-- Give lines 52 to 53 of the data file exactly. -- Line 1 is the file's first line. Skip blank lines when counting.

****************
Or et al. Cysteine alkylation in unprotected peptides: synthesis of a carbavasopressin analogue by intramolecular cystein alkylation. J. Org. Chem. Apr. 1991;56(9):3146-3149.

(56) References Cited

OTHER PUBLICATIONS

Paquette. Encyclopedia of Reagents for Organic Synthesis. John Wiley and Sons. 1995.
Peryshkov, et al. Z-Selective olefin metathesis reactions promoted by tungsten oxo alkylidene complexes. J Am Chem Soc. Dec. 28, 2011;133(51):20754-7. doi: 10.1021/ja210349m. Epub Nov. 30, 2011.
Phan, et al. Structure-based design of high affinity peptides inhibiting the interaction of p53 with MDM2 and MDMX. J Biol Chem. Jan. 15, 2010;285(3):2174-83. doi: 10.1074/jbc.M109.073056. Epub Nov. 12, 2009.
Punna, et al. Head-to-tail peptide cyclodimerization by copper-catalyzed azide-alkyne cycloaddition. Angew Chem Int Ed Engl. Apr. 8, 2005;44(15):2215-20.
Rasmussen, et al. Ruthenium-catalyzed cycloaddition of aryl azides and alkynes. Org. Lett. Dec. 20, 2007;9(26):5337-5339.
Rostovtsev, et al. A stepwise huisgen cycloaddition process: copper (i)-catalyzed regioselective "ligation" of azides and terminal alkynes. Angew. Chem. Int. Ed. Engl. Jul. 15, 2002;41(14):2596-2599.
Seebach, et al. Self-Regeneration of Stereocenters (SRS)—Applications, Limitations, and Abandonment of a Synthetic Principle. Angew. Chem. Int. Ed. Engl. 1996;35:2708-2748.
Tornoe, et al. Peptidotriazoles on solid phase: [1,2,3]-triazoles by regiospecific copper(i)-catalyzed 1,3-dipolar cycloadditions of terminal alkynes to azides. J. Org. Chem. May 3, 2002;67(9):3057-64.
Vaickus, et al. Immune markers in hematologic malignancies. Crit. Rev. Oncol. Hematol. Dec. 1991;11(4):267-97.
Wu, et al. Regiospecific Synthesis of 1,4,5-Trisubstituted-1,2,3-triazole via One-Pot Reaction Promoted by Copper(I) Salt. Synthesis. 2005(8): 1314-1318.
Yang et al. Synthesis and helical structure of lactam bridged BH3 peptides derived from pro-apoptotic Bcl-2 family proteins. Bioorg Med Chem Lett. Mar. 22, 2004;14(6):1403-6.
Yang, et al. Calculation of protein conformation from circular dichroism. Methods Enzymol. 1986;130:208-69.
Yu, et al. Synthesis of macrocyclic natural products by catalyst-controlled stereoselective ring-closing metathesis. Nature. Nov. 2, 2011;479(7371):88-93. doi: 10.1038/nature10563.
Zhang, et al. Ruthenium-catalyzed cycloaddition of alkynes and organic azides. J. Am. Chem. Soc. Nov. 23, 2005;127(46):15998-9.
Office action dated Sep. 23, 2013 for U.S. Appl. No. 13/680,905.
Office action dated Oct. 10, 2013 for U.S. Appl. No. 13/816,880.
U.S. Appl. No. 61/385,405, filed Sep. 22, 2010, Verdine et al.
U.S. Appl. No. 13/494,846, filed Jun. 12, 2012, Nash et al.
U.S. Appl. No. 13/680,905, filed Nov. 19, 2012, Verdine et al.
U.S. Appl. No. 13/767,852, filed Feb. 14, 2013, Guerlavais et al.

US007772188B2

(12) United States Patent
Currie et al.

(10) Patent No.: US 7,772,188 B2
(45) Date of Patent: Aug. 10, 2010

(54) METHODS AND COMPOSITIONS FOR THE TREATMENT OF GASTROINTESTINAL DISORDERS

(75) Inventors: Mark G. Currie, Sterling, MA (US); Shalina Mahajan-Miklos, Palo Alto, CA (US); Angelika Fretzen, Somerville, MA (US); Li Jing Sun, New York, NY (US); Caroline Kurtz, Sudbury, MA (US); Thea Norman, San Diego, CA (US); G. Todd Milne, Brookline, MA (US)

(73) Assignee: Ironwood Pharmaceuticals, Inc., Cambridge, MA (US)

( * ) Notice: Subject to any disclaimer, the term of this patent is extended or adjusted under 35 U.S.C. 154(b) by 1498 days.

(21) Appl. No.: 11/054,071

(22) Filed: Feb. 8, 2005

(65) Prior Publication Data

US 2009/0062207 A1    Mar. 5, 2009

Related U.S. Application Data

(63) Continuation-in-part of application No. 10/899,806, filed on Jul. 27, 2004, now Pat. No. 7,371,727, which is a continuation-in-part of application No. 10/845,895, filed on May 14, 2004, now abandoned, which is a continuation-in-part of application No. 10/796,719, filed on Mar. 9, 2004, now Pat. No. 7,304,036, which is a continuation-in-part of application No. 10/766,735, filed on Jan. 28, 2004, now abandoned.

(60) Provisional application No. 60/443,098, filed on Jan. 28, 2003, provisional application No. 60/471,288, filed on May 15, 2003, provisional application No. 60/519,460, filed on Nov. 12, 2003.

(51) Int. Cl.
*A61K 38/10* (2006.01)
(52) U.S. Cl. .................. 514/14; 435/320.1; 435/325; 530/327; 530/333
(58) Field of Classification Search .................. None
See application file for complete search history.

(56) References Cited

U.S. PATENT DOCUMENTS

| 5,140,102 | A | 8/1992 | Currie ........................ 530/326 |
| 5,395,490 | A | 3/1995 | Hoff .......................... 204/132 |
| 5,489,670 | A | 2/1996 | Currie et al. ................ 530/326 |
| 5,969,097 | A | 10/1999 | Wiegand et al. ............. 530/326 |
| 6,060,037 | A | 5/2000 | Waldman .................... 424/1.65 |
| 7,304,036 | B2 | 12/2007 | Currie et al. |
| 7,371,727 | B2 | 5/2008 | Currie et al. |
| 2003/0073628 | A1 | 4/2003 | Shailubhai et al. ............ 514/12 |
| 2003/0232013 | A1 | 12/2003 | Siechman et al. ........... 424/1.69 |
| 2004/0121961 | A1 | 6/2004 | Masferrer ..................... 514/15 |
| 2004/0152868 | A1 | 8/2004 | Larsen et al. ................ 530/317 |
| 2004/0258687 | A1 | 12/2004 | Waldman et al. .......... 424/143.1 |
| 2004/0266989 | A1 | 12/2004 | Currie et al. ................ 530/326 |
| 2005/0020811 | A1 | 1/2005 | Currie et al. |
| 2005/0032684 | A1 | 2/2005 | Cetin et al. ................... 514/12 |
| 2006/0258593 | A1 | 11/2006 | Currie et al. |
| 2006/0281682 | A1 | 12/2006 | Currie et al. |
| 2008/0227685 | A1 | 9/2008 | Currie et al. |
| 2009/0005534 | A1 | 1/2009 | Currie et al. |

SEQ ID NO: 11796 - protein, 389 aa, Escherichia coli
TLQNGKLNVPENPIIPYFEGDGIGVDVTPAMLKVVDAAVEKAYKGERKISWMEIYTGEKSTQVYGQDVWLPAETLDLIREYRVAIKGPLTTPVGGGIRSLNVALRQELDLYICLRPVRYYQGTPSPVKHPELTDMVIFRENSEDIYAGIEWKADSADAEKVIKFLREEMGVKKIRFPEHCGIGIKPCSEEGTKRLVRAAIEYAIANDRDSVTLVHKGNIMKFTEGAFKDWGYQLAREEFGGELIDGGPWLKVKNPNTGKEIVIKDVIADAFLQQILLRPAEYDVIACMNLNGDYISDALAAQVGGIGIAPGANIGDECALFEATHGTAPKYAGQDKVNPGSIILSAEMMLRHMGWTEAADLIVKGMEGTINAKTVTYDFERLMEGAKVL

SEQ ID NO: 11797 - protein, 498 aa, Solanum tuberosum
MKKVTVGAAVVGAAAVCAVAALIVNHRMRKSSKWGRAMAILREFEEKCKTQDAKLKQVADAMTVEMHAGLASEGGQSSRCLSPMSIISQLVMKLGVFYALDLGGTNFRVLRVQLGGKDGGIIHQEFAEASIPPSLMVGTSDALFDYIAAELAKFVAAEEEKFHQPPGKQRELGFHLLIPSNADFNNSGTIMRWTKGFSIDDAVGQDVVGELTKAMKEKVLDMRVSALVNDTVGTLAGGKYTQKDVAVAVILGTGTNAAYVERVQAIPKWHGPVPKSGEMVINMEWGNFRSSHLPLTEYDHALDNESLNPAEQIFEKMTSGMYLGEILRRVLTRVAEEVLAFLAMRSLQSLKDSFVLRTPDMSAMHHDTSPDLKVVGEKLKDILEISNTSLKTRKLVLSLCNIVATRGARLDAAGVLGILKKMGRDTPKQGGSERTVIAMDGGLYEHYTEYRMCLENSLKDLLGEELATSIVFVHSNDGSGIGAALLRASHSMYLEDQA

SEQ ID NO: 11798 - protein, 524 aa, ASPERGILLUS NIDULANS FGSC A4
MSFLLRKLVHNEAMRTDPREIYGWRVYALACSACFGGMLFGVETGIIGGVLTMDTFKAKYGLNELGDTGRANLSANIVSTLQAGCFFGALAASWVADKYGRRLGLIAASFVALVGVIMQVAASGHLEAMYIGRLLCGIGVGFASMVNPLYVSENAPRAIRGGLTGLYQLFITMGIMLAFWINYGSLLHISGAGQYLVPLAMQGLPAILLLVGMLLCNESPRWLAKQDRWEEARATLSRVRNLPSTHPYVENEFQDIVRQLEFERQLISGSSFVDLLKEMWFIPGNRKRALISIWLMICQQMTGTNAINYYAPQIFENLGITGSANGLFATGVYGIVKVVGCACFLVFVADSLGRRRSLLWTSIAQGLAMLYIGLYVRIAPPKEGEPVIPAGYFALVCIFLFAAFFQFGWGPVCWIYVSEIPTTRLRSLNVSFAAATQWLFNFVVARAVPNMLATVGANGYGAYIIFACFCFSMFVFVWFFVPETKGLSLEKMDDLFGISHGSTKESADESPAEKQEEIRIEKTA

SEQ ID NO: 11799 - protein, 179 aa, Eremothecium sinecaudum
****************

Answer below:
| 7,304,036 | B2 | 12/2007 | Currie et al. |
| 7,371,727 | B2 | 5/2008 | Currie et al. |